This week two reports were released which tell us quite a bit about the opportunities and issues within urbanisation.
First there was the Global Monitoring Report 2013 from the World Bank, which reports on progress made towards the Millennium Development Goals. The findings are clear – urbanisation is good news, with clear advantages for the quality of life for city-dwellers as compared to those in rural areas.
However, the report clearly states that urbanisation needs to be managed to ensure good outcomes:
- Planning – charting a course for cities by setting the terms of urbanisation, especially policies for using urban land and expanding basic infrastructure and public services
- Connecting – making a city’s markets (labour, goods, services) accessible to other neighbourhoods in the city, to other cities, and to outside export markets
- Financing – finding sources for large capital outlays needed to provide infrastructure and services as cities grow and urbanisation picks up speed
This provides a neat segue to the second report for the week – Productive Cities: Opportunities in a Changing Economy by the Grattan Institute. Although this report examines the specific challenges facing Melbourne as the inner versus outer divide increases, the issues it documents are entirely consistent with what is set out in the World Bank report above, proving that the challenges of “managed urbanisation” are not simply for developing nations.
The issues described in the Grattan Institute report reflect the land-use planning tension that is the economics of suburban sprawl versus urban densification. The authors identify some of the obvious solutions without addressing the root causes – the politics of market-driven sprawl, local land-use planning and infrastructure financing defeating good land-use/transport planning policy.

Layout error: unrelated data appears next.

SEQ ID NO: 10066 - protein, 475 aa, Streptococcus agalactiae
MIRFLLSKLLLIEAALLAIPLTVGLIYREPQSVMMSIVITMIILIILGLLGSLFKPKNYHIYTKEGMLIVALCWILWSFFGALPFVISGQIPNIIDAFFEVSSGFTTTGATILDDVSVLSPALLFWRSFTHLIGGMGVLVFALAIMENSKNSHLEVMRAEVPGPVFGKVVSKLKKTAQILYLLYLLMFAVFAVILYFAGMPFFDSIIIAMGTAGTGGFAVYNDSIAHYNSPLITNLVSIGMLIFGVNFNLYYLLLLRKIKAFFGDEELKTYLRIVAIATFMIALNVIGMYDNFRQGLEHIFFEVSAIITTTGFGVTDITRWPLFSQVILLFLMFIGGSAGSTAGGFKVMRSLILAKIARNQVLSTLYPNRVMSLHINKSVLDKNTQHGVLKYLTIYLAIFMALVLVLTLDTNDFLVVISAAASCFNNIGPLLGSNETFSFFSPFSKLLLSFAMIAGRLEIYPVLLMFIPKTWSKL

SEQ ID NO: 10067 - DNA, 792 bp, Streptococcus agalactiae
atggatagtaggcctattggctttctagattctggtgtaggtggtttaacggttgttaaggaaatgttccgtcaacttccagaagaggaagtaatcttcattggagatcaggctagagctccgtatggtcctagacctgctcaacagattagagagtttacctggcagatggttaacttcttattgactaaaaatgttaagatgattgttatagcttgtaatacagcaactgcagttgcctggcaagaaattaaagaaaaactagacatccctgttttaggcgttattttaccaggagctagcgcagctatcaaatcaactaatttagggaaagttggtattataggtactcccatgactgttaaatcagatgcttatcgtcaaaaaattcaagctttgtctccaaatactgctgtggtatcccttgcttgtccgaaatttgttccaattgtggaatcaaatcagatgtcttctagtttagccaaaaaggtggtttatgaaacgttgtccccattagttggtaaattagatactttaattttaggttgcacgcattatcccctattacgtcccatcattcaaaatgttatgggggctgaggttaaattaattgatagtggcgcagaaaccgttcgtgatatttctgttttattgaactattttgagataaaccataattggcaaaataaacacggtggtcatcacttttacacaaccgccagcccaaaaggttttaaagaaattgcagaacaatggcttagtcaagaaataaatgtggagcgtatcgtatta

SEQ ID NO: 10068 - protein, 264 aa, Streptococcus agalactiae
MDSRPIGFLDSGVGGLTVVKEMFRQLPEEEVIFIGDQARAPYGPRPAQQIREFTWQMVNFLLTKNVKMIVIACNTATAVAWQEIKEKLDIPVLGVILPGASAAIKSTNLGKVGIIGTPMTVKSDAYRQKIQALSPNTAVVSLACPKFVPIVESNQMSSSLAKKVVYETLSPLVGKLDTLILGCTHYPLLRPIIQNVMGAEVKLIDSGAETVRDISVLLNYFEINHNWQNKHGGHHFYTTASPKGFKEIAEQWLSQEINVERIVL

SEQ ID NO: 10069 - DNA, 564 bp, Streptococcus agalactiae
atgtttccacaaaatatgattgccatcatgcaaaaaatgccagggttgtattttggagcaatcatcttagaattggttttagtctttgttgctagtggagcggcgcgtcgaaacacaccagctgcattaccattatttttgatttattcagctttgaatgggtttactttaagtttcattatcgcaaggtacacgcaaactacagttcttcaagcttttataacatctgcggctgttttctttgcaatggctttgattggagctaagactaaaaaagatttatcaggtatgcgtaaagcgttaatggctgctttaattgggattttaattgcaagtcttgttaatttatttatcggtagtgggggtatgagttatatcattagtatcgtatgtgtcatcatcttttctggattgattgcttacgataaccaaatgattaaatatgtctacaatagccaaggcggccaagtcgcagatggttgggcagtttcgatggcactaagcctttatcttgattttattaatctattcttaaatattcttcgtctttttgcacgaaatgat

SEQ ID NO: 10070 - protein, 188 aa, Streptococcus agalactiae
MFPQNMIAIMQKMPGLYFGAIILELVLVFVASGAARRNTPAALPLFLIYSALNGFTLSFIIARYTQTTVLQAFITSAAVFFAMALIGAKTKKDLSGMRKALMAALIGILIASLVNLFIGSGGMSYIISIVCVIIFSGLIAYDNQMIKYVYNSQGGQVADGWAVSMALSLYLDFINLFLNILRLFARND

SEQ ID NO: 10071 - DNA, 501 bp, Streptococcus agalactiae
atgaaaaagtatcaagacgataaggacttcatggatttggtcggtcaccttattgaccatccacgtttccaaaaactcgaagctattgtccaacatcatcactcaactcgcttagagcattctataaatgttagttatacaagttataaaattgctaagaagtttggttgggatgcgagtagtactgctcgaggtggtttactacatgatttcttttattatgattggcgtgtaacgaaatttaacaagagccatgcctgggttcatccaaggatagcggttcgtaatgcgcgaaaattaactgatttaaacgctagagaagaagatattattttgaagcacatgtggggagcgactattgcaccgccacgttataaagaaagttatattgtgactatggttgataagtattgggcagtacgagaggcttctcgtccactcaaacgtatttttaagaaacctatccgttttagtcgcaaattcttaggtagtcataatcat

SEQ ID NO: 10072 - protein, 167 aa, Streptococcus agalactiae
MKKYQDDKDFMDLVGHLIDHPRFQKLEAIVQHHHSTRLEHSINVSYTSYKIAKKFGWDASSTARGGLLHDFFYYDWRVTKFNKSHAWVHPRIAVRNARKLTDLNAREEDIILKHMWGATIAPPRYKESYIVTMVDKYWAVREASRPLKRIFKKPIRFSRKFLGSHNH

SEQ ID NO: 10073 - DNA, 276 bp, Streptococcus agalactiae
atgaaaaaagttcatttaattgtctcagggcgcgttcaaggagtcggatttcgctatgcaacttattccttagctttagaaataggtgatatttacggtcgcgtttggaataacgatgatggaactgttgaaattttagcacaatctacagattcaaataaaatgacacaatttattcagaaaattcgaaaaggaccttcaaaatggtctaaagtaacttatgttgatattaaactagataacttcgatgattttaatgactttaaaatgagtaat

Unfortunately there are no easy solutions, as was evidenced by yesterday’s announcement that the much needed east-west transport link across the north of Melbourne would be a road tunnel rather than rail or both. As a transport planning decision, this reflects the realities of financing major transport infrastructure – private sector investors are far more attracted to roads than public transport, and the politics of government prevent borrowing to the extent of influencing credit-ratings or instituting road-user charging to cross-subsidise public transport. Having done my time in the public sector making no ground on this challenge, I’ve taken what could be described as the coward’s approach by admitting defeat and embracing technology as an alternative strategy (even if it doesn’t address the root cause).
Buried away in the middle of the World Bank report is a section that looks at the influence of mobile technology:
…the extraordinary rise in mobile phone penetration has led to the emergence of a variety of innovations that allow citizens, governments, and international organizations to be more engaged and better informed, and that enable aid providers to identify and communicate more directly with beneficiaries
Numerous studies have found a positive relationship between ICT adoption and economic development in general
An evaluation of initial experiences suggests that the benefits accrue to those countries that put in place policies and programs that not only enable technological transformation but also support institutional reforms and process redesign through which services are delivered
A job for a future post is to delve more deeply into these observations and examine the crossover between the issues and opportunities of developed versus developing nations. The outcome will hopefully inform some thinking around ‘Creating Shared Value’.